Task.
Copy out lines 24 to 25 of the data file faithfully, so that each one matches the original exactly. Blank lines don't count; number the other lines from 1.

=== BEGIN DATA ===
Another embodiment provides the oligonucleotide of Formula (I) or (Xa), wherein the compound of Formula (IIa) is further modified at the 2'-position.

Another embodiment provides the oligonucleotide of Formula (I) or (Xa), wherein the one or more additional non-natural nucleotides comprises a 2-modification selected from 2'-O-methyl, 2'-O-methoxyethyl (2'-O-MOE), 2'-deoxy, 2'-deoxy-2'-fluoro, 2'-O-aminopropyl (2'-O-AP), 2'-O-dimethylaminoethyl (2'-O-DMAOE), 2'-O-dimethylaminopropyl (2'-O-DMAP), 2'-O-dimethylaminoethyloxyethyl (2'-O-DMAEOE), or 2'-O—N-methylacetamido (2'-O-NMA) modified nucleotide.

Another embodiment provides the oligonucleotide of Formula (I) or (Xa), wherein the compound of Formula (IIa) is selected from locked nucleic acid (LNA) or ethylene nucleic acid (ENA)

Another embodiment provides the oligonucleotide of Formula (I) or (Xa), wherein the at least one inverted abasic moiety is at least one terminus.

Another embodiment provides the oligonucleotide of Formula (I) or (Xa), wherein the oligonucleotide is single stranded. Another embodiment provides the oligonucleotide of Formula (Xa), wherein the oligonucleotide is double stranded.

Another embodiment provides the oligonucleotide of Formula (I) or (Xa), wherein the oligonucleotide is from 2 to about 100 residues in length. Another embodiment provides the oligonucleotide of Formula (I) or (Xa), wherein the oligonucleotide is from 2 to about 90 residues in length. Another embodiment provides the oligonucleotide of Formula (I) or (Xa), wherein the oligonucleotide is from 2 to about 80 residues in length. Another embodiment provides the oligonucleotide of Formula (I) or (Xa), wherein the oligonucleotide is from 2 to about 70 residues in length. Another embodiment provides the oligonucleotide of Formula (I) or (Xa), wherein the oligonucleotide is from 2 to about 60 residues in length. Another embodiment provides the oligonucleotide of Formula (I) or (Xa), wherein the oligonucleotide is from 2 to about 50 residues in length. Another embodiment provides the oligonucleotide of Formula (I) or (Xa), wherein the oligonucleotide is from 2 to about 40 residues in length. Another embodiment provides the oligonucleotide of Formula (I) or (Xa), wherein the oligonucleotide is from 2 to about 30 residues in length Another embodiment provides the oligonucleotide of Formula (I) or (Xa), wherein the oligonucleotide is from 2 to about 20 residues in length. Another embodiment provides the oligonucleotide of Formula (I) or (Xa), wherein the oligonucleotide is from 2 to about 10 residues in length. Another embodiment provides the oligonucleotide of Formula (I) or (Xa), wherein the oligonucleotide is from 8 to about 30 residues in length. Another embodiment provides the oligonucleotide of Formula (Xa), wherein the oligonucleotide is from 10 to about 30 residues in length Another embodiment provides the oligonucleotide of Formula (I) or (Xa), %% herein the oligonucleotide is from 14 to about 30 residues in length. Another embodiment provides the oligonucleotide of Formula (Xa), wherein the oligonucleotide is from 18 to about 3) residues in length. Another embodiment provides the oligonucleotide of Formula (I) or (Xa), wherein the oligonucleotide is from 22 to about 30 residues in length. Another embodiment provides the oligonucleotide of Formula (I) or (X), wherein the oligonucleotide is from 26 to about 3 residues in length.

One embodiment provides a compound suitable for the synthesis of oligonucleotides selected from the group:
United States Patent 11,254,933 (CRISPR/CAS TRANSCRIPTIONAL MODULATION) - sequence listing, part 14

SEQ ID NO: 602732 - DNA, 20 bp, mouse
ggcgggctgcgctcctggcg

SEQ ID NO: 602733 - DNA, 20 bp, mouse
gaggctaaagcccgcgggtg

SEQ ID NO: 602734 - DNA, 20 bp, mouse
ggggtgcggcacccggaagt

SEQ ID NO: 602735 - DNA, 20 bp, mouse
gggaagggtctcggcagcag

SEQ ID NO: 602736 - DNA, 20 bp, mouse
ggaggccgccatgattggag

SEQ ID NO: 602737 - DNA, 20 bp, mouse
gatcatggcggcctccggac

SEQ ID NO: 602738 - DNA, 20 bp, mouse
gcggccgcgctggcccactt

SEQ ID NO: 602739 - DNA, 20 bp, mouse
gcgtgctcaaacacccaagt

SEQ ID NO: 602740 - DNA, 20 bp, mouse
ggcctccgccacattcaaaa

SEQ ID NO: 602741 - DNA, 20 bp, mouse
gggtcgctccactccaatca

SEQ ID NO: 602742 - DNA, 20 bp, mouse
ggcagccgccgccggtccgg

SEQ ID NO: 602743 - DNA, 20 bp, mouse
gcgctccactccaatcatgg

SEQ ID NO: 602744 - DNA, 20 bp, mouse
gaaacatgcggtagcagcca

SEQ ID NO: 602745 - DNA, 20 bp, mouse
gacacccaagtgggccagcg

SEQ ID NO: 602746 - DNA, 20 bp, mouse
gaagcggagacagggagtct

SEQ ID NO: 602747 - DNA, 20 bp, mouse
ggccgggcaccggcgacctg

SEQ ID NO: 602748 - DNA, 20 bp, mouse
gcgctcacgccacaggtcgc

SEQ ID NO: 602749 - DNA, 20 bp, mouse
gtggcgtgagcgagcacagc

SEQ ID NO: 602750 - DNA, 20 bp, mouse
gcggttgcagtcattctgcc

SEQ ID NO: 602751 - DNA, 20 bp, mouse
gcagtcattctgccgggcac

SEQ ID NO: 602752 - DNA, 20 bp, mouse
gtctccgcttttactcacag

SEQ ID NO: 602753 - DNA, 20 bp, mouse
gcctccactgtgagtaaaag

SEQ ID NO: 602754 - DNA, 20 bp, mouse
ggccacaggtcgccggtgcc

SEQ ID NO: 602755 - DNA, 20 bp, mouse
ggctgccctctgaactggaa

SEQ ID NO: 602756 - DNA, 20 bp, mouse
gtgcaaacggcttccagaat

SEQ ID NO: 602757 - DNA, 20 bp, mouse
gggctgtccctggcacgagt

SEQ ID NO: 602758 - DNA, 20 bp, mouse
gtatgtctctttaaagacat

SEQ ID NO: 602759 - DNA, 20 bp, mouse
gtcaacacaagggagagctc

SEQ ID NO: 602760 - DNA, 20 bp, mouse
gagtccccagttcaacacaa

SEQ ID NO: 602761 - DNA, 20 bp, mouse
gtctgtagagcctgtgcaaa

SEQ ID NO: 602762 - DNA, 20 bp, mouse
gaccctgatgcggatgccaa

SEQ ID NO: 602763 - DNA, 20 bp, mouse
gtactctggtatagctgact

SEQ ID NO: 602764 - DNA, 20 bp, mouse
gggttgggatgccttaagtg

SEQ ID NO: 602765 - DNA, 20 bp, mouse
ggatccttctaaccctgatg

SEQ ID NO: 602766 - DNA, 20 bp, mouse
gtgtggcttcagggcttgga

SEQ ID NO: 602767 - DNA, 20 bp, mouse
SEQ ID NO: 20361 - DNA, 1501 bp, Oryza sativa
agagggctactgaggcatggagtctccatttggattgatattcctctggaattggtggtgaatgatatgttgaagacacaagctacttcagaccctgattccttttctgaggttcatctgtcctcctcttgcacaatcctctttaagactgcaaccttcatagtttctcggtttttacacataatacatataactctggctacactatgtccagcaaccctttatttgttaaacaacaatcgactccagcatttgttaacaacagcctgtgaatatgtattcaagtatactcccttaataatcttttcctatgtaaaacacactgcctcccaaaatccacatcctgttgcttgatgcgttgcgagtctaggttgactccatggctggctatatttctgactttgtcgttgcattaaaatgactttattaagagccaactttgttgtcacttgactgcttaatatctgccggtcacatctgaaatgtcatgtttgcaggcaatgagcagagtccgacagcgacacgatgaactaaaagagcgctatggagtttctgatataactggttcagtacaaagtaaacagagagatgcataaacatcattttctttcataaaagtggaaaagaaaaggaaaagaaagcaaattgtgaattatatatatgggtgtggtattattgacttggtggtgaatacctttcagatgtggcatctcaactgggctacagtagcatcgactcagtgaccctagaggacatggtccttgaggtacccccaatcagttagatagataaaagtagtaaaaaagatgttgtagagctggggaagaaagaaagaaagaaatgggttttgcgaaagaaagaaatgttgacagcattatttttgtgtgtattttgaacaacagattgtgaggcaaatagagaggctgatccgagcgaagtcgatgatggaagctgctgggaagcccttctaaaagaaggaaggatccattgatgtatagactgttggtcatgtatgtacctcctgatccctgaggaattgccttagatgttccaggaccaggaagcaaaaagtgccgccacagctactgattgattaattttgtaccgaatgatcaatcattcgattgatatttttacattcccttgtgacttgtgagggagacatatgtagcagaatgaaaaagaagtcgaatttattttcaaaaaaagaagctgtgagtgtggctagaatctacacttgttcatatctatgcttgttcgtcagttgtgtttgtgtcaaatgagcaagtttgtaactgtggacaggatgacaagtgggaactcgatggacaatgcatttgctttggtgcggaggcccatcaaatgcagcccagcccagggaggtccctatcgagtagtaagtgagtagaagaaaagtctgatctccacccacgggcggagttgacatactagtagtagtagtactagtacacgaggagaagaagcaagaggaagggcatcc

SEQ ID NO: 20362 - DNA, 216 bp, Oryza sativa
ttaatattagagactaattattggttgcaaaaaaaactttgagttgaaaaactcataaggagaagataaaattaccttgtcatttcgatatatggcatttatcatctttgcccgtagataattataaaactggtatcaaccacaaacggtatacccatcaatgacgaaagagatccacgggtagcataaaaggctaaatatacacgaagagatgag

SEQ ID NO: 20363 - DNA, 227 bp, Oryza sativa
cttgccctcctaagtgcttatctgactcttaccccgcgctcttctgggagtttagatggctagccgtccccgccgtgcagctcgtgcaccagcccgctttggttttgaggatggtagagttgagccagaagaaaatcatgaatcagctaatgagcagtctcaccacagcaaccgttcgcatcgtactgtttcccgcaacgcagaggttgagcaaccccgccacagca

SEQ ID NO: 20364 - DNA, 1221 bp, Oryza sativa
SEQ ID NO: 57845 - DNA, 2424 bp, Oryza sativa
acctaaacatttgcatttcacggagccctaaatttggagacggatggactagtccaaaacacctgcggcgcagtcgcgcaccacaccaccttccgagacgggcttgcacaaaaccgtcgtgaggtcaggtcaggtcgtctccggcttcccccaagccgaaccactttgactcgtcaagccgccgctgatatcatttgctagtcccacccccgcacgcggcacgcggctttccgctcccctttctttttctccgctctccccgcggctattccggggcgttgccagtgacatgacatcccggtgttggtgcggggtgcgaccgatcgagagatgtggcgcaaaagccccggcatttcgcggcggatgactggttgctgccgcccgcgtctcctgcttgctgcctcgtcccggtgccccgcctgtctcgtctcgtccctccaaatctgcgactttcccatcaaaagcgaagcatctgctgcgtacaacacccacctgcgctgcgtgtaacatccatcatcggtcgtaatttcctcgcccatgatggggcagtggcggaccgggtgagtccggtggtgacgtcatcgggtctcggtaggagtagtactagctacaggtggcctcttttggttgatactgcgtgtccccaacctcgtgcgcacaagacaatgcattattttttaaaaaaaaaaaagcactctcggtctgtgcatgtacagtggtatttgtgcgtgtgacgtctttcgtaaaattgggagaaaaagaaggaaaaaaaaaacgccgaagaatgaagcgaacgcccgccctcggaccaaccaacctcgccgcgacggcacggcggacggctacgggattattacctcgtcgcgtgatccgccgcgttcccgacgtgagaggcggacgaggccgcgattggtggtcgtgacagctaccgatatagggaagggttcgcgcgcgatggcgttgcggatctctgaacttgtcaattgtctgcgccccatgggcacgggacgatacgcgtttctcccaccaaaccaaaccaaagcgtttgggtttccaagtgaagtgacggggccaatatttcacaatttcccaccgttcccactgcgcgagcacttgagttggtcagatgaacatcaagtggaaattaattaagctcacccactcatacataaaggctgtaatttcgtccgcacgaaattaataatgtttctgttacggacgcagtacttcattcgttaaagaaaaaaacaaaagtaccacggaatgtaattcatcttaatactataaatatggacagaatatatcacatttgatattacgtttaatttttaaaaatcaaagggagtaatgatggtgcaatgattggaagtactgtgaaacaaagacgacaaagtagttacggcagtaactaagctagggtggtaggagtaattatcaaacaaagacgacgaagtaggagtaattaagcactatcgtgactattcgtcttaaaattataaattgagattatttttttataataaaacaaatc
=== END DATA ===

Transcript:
gcgtgctcaaacacccaagt

SEQ ID NO: 602740 - DNA, 20 bp, mouse